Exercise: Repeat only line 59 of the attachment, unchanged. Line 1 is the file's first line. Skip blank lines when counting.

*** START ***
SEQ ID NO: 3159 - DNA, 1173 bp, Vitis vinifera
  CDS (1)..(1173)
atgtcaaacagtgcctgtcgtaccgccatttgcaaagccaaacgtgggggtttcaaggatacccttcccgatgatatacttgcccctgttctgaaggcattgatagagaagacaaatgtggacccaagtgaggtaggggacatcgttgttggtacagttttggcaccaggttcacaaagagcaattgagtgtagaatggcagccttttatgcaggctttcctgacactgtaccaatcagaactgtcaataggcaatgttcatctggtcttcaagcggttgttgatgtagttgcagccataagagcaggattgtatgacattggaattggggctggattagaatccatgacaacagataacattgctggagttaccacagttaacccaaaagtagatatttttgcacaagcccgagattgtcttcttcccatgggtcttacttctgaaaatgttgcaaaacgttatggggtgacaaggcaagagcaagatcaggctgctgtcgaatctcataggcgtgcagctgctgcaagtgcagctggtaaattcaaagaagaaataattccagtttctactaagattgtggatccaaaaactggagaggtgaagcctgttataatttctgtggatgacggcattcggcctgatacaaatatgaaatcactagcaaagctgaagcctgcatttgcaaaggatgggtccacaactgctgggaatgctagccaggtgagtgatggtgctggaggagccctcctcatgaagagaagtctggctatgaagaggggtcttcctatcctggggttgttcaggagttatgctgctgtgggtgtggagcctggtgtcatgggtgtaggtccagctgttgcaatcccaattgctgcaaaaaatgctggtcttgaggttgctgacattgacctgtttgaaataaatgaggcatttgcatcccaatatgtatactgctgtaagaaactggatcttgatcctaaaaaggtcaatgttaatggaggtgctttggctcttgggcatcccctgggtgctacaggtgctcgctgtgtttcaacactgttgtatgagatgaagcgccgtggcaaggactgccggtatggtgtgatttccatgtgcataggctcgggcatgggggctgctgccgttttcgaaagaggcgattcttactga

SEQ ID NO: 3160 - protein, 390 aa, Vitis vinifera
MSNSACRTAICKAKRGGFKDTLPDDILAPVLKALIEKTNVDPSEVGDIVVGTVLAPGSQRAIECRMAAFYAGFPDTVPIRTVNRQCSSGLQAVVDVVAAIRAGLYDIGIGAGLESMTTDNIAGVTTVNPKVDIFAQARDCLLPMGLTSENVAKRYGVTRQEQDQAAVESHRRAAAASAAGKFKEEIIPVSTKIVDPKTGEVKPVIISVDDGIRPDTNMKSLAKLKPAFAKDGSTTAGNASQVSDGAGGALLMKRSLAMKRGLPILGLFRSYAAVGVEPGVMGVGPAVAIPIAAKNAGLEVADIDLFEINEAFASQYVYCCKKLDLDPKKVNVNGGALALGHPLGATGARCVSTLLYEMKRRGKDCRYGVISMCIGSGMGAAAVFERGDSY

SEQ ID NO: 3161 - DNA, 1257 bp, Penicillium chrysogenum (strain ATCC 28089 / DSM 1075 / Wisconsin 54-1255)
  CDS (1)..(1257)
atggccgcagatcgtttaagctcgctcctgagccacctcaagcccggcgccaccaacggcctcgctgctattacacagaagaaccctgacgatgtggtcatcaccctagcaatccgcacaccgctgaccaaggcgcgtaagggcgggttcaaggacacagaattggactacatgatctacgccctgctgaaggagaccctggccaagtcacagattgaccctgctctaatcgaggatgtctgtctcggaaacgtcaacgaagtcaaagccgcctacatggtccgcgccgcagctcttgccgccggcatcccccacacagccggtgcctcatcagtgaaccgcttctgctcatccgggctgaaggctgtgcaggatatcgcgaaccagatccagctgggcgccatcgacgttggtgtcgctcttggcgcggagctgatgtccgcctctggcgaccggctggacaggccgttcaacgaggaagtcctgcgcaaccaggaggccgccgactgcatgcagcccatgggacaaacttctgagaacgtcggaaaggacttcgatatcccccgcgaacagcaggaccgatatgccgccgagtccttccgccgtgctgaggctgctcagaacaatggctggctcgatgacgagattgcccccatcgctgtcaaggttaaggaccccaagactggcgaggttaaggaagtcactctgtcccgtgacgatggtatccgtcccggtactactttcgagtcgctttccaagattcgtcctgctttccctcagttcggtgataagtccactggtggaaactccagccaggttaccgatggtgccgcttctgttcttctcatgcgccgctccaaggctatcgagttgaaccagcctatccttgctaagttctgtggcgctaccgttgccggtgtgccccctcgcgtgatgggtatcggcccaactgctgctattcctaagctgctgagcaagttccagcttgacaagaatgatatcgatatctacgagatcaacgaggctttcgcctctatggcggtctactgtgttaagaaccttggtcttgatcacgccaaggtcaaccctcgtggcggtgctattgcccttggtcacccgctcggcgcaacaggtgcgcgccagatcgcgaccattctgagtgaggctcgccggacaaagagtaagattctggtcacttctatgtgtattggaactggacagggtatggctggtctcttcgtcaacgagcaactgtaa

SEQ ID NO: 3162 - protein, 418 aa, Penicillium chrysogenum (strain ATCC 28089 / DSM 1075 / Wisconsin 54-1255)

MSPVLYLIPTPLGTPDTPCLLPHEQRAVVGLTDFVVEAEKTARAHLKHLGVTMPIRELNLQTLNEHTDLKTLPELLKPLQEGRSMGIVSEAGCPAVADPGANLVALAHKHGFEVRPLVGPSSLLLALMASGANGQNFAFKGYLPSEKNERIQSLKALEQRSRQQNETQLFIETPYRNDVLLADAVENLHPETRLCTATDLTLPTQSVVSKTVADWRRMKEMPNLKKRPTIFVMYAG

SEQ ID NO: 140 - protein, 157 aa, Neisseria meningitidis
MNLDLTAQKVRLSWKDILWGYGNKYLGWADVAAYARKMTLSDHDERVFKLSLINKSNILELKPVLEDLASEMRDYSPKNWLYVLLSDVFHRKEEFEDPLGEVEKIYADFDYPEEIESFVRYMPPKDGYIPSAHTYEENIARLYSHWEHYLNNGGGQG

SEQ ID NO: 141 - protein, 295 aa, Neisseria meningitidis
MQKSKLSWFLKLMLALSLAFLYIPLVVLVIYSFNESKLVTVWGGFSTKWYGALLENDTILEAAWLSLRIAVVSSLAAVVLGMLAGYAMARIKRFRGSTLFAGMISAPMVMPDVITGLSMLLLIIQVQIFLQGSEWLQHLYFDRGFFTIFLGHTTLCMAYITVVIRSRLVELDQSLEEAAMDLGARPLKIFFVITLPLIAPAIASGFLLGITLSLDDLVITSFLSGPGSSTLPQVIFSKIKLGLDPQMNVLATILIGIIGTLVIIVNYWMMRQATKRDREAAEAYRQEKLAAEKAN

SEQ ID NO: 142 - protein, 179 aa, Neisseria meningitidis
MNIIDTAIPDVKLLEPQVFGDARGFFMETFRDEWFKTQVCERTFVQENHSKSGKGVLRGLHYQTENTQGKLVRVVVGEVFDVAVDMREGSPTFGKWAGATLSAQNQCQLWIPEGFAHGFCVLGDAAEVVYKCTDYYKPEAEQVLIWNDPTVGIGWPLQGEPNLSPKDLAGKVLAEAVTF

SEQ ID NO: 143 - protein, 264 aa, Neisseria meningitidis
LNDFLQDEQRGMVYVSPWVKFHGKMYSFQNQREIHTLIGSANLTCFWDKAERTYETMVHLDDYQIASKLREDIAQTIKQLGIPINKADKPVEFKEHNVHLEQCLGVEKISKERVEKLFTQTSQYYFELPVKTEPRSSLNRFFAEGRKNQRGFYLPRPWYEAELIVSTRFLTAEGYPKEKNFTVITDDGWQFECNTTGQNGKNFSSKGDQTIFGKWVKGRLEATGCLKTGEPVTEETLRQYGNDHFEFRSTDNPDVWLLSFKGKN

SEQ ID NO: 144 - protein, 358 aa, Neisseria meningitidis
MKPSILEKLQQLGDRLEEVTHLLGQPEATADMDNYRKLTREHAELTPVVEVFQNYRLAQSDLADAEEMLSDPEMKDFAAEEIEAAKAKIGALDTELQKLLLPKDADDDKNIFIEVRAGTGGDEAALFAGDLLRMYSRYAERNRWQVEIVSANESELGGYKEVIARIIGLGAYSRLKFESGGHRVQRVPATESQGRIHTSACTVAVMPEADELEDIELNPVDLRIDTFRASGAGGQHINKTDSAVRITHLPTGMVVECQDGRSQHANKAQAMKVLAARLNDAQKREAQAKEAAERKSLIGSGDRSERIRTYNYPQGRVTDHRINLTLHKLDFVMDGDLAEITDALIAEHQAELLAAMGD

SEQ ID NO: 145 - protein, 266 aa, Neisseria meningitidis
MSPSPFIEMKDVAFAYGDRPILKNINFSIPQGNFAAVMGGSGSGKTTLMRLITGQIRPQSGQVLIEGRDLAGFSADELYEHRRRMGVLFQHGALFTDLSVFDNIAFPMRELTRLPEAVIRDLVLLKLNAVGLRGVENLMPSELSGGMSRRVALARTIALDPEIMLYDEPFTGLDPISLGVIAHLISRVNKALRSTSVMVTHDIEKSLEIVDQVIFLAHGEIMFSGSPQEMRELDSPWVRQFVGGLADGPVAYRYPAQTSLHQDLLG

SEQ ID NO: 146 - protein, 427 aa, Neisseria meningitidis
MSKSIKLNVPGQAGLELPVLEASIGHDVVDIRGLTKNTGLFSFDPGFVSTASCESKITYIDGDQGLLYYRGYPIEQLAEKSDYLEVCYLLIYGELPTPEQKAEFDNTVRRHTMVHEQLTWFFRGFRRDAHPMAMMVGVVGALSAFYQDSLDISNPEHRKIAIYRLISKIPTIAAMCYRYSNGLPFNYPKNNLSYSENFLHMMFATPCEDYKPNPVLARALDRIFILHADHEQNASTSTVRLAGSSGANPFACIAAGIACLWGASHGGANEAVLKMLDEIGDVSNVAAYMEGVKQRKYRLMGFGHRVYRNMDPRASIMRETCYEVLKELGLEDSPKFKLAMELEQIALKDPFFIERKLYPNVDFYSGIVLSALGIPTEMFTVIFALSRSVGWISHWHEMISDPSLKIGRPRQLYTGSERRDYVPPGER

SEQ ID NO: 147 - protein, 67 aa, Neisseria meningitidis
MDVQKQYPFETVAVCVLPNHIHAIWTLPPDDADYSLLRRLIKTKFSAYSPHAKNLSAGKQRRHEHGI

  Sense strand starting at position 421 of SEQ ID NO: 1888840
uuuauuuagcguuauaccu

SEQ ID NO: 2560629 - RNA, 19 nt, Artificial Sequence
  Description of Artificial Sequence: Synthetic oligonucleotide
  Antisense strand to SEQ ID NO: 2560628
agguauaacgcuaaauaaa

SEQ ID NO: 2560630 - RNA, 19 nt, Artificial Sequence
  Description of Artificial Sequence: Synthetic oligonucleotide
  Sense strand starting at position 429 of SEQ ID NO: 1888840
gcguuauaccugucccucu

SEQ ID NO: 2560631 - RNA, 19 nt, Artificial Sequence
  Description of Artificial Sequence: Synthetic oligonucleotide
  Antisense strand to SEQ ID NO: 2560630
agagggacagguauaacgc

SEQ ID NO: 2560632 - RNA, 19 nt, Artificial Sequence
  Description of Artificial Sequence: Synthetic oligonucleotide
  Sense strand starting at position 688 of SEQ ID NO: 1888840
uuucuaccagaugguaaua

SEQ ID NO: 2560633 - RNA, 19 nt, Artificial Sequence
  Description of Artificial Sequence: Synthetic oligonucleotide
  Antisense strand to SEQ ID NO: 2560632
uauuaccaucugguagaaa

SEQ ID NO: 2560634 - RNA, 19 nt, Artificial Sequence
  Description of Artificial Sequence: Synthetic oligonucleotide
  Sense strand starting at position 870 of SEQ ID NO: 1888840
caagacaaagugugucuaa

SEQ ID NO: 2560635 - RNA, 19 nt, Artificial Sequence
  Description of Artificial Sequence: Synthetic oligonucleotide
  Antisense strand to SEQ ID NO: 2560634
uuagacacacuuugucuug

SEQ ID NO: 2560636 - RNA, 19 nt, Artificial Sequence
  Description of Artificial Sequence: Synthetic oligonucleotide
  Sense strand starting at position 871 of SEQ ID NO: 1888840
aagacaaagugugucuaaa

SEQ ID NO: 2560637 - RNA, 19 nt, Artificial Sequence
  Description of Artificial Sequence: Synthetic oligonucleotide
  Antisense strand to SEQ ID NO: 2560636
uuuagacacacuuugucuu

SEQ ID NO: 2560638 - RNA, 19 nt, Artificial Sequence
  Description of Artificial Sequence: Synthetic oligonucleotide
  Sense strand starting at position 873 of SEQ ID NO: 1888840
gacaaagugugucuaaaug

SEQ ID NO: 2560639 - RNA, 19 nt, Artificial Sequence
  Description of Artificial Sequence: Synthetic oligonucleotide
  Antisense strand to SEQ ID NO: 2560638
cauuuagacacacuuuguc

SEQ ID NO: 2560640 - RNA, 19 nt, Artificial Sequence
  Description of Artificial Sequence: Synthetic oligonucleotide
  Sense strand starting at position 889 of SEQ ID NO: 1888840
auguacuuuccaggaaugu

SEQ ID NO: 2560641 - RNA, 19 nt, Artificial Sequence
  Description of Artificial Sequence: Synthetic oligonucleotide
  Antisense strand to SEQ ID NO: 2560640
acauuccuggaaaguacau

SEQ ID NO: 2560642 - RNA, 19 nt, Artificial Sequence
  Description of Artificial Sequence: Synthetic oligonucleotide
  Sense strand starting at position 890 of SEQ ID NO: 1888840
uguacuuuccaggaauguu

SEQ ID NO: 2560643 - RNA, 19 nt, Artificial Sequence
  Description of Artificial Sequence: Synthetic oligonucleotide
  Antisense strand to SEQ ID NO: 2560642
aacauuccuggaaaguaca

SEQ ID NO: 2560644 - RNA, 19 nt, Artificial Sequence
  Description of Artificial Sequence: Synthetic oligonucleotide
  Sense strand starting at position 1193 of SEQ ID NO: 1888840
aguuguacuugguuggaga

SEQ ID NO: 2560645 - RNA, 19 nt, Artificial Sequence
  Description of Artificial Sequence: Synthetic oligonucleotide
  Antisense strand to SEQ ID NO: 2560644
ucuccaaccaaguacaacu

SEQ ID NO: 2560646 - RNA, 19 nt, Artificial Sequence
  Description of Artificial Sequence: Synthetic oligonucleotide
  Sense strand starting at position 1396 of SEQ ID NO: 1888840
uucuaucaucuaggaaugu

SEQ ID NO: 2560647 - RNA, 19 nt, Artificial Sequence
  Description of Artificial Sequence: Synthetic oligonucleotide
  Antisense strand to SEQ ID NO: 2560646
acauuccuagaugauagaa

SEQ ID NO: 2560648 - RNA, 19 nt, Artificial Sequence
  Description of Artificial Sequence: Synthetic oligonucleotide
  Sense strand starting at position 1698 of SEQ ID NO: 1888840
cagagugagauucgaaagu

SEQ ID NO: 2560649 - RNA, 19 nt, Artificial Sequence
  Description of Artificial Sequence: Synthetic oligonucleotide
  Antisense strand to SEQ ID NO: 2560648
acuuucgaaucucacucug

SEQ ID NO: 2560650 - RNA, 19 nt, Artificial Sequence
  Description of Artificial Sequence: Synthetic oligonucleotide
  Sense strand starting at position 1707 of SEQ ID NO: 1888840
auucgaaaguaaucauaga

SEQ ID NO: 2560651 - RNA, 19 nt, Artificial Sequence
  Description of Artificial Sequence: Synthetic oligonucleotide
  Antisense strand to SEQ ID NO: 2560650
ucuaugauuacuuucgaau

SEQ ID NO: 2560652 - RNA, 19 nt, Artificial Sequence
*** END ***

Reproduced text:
  Sense strand starting at position 871 of SEQ ID NO: 1888840